“The British were so magnanimous to welcome us foreigners… truly showing a phenomenal humanity.”
These words were part of the inspiration for this enthralling and immensely thoughtful book set in World War 2. They were said by a woman in her nineties, a former Jewish refugee from Nazi Germany, who wanted to thank Brighton College for taking her in more than 70 years ago. The sentence struck Helen Peters more forcibly in view of the prejudice and hostility sometimes displayed towards refugees today. Anna at War tells the moving story of a twelve year old girl who, thanks to her parents’ bravery, escapes to England just before the outbreak of war as part of the Kindertransport rescue effort. Inspired by real events and people this is a remarkable story of bravery and resilience but also of compassion and friendship that will engage and inspire young readers.
Life in 1930s Nazi Germany has become increasingly difficult for Jewish families such as Anna’s and the tension and fear have gradually increased, culminating in the dreadful events of Kristallnacht, following which Anna’s father is temporarily sent to a concentration camp. When he is released he and his wife make the heartbreaking decision to send Anna alone to safety in England. Helen Peters’ description of both the terrifying night when Anna’s father was taken and her subsequent journey by train out of Germany is utterly gripping. The terror experienced by Anna has she hides in the wardrobe as soldiers ransack their home, the raw grief of the farewell at the station and the mounting fear on the train journey are conveyed with an eye to the age of her readers and yet with great emotion. Throughout all of this we are beginning to appreciate that Anna is a remarkable and resilient character.
Once in England Anna is fostered by the kindly Mr and Mrs Dean and lives on their farm with their daughter Molly and her younger brother, Frank. Life in the Kent countryside is very different to Anna’s previous experiences and yet she is determined in her desire to make the best of things and to try to enable her parents to join her eventually. The reader accompanies Anna in her attempts to adapt to English schooling, life on the farm and making friendships in an atmosphere of growing fear of the enemy as war is declared in England. The fears that Anna thought she had left behind her in Germany are now real again and she finds herself caught up in a web of secrets and betrayal. The subsequent adventure is one with a lasting impact and is of such extreme tension that children reading will be utterly enthralled.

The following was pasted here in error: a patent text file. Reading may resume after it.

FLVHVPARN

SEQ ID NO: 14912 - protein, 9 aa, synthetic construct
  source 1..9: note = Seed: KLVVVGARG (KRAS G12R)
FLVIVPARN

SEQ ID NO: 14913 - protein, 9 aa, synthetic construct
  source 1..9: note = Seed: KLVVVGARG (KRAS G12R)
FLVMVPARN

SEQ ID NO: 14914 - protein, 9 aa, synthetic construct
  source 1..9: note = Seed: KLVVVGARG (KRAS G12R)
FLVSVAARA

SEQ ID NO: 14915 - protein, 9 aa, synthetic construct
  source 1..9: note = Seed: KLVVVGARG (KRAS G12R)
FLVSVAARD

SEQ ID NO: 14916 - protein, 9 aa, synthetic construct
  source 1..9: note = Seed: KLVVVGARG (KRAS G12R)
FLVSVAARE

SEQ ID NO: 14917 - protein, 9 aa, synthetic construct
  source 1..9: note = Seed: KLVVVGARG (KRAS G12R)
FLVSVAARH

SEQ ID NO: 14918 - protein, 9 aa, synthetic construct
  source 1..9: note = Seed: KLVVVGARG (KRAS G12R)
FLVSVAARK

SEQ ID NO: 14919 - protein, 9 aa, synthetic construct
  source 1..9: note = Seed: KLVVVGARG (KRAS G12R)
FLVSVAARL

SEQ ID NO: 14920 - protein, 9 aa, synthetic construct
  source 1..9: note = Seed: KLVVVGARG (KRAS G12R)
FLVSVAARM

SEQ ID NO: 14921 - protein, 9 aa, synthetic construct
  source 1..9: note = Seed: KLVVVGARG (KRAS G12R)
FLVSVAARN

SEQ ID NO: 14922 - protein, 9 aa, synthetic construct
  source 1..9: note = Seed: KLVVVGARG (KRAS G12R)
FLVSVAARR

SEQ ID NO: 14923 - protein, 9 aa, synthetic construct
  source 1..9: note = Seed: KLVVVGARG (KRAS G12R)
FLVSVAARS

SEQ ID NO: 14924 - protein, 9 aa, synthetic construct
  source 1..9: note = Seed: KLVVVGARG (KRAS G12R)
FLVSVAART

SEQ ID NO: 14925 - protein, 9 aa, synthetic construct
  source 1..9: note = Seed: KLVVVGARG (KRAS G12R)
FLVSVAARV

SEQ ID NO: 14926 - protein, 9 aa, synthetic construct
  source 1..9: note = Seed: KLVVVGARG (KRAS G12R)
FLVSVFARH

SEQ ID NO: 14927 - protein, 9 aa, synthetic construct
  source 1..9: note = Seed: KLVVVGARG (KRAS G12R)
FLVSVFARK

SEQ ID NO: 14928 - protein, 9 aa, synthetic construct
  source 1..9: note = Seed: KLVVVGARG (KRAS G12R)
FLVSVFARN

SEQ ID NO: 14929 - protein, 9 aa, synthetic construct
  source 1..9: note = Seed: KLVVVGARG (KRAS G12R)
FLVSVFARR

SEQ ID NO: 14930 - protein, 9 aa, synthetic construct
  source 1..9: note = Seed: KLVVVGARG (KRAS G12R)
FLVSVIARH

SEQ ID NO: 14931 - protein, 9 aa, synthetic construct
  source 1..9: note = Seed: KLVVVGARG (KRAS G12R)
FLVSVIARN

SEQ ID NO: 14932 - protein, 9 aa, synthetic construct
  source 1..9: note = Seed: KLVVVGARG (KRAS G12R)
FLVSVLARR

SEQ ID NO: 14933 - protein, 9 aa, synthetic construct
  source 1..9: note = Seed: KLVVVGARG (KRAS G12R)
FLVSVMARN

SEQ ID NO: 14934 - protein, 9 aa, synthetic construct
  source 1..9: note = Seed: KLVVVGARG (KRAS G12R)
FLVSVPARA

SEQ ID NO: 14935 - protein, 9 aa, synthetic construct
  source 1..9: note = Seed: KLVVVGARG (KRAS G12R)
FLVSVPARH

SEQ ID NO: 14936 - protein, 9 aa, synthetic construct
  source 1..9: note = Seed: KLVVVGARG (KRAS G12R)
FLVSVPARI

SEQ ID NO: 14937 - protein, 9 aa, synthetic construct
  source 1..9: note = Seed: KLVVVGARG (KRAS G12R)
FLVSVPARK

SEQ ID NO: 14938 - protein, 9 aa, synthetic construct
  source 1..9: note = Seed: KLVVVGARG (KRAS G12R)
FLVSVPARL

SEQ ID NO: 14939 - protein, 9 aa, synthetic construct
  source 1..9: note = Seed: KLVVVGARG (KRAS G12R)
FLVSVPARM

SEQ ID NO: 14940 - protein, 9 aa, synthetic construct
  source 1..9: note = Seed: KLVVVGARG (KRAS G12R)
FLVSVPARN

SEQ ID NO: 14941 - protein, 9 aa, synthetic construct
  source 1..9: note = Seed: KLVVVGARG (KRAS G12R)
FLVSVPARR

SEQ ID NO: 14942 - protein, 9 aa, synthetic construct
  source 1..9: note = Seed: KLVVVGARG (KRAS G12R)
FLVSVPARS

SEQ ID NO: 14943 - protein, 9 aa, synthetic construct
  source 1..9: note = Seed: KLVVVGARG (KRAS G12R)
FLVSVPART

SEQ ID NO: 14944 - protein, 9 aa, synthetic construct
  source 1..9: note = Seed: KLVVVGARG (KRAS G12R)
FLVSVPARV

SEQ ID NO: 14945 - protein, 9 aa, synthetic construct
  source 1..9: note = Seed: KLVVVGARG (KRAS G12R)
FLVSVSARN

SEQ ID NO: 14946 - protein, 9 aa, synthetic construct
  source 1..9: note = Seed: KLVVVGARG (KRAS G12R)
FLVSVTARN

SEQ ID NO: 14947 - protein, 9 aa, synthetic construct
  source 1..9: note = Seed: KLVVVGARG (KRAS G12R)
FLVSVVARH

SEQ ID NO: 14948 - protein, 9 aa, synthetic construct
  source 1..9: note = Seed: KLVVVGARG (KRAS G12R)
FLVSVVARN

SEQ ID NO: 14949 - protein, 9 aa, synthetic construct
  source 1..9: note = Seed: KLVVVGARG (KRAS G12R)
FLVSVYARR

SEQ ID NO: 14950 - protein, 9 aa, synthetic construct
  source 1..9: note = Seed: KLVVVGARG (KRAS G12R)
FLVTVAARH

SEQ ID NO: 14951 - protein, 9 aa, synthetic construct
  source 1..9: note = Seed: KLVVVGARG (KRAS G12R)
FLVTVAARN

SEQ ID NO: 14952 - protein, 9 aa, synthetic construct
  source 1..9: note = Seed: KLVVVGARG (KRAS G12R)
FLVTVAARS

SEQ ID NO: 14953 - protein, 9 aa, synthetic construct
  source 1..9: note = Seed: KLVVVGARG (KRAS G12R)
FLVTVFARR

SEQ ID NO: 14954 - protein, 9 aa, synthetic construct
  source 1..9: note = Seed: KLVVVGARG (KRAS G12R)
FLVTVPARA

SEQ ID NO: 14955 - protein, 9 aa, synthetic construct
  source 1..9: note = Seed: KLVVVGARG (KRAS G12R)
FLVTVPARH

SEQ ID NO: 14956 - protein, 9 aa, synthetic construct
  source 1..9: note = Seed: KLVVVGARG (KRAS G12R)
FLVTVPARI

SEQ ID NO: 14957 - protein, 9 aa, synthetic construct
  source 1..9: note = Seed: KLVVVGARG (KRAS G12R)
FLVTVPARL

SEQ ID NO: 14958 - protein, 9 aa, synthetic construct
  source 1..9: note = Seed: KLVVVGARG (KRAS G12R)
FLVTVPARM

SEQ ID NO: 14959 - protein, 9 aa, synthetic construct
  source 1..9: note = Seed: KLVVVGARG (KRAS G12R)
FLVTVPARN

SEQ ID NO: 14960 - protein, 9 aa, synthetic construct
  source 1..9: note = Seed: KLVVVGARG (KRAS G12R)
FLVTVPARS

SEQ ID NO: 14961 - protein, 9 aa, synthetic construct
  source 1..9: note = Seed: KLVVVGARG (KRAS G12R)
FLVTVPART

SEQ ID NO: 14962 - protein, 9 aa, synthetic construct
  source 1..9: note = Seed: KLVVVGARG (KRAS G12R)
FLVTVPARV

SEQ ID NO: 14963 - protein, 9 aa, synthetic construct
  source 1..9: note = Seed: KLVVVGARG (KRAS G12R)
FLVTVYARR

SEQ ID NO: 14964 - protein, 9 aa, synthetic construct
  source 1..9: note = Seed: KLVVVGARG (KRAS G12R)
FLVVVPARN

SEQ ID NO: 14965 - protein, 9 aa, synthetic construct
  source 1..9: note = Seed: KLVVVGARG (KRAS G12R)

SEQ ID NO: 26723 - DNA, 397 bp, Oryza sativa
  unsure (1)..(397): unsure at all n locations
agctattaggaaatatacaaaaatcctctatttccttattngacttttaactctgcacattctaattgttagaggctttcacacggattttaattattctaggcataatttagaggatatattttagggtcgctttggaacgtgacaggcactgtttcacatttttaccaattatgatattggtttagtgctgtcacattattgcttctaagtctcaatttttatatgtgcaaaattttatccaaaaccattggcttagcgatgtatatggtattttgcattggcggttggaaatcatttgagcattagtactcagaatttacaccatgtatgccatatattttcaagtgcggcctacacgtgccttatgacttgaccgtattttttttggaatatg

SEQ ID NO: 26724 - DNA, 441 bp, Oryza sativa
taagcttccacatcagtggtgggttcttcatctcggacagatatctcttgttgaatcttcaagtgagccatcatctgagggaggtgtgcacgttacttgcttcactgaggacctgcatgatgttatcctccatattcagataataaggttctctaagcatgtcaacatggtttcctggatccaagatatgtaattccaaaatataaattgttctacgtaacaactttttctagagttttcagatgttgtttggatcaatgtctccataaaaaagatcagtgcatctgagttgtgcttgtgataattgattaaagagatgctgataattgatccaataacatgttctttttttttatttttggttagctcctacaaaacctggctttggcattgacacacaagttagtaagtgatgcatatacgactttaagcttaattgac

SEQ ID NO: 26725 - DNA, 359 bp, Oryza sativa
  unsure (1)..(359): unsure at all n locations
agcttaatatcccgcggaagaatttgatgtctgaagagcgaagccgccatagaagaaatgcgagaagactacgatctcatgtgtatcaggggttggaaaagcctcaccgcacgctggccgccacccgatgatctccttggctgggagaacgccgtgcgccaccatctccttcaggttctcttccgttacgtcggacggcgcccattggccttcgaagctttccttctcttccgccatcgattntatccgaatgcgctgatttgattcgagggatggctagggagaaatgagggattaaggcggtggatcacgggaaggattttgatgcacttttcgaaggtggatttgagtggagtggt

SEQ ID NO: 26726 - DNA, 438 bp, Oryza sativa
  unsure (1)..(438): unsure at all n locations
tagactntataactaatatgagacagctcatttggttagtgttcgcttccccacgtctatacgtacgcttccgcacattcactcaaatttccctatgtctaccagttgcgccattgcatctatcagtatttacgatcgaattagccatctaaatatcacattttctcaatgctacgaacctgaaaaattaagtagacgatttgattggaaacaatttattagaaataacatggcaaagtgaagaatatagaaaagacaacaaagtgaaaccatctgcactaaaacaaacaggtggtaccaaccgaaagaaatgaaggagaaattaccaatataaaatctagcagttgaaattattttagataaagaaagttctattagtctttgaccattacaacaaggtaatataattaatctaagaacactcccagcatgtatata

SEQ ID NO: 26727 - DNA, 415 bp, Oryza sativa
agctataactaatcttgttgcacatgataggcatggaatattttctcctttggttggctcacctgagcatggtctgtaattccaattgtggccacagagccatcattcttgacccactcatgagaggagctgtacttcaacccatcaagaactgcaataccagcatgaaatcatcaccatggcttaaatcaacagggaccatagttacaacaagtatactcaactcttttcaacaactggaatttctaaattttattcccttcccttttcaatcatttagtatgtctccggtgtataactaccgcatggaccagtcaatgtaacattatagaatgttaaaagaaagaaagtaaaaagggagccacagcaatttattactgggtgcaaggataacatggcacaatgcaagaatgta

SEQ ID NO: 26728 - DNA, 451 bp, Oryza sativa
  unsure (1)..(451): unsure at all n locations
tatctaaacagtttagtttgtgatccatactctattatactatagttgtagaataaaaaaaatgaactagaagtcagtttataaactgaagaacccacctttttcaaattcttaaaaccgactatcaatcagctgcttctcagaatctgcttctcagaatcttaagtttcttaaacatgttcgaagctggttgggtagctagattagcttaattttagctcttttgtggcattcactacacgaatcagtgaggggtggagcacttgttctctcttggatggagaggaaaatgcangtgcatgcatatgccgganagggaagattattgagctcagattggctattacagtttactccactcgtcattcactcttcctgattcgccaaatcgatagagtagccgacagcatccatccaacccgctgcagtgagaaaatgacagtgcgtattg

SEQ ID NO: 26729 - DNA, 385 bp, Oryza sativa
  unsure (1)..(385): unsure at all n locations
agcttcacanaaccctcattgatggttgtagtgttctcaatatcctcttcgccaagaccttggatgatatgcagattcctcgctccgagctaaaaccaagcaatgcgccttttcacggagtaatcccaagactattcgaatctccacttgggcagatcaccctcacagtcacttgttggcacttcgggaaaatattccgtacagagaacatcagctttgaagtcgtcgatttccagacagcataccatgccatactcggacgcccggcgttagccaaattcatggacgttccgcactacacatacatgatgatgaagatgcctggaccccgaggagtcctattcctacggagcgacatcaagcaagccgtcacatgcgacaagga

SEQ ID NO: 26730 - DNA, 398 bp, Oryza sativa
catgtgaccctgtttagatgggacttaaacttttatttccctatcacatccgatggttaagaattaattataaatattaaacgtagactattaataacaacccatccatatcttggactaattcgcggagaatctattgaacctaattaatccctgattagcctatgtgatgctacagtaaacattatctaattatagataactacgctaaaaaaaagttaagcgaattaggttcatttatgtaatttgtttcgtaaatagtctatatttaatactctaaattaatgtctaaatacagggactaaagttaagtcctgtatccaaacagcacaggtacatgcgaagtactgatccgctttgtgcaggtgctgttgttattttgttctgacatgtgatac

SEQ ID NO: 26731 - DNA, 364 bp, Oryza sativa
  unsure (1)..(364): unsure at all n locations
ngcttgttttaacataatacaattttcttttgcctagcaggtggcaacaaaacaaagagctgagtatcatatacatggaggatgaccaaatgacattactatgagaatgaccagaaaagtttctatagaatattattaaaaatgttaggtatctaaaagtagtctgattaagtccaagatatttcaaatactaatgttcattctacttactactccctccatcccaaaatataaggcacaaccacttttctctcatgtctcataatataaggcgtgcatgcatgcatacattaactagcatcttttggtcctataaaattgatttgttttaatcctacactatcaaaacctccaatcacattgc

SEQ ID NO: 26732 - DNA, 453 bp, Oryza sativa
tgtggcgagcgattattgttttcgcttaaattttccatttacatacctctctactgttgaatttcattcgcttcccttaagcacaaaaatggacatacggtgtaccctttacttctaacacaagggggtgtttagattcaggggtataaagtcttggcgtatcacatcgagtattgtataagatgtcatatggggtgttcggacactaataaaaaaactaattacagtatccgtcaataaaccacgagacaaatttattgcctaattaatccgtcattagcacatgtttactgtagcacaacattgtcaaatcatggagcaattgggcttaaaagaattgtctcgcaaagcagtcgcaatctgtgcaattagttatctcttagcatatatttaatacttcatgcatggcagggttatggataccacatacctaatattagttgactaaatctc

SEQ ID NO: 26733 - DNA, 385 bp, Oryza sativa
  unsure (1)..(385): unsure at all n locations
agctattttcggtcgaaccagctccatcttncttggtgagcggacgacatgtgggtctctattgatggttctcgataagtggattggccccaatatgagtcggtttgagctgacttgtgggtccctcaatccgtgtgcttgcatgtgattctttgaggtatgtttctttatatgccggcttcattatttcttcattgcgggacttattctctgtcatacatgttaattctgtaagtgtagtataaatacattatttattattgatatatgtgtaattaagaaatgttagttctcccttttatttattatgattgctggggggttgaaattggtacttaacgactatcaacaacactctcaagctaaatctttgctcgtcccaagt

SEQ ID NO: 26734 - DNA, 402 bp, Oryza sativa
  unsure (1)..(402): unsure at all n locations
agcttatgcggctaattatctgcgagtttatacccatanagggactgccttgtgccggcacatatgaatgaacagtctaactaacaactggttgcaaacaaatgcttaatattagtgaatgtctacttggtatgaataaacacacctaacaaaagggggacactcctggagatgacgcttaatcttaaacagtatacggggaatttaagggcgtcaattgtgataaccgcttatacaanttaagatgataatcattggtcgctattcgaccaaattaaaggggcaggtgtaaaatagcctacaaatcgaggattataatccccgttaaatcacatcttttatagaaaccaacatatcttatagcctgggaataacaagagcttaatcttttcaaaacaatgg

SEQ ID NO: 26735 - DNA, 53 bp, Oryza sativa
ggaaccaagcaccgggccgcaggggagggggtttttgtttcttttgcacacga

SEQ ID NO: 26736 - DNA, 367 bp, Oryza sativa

Historical fiction for children gives a voice to those who are no longer able to tell their stories and they are stories that need to be told. Helen Peters has managed to balance the need to explain a harrowing and deeply sad period of history with the desire to make it accessible to a young audience. The various strands to Anna’s story do not all have happy endings but this is important in order to maintain historical accuracy. However this is a story of hope and determination which celebrates the bravery of the parents who sent their children away and the impressive manner in which their children responded to the opportunity. The author introduces the book with a school project for which children are researching life in World War 2 which is a neat and appropriate way of enticing young readers in to the story and provides a link to today’s familiar world.
Anna at War has now joined my list of favourite children’s books of the year so far. Combining history and adventure in a story that is both relevant and relatable for today’s children this is a compulsive and enjoyable read. It was published on 4th July and is available in all good bookshops or online The cover illustration is by Daniela Terrazzini.
Thank you very much to Nosy Crow Publishers who kindly provided my review copy.
If you are looking for other children’s books set during World War 2 I can recommend D-Day Dog by Tom Palmer, Letters from the Lighthouse by Emma Carroll and the classic, When Hitler Stole Pink Rabbit by Judith Kerr.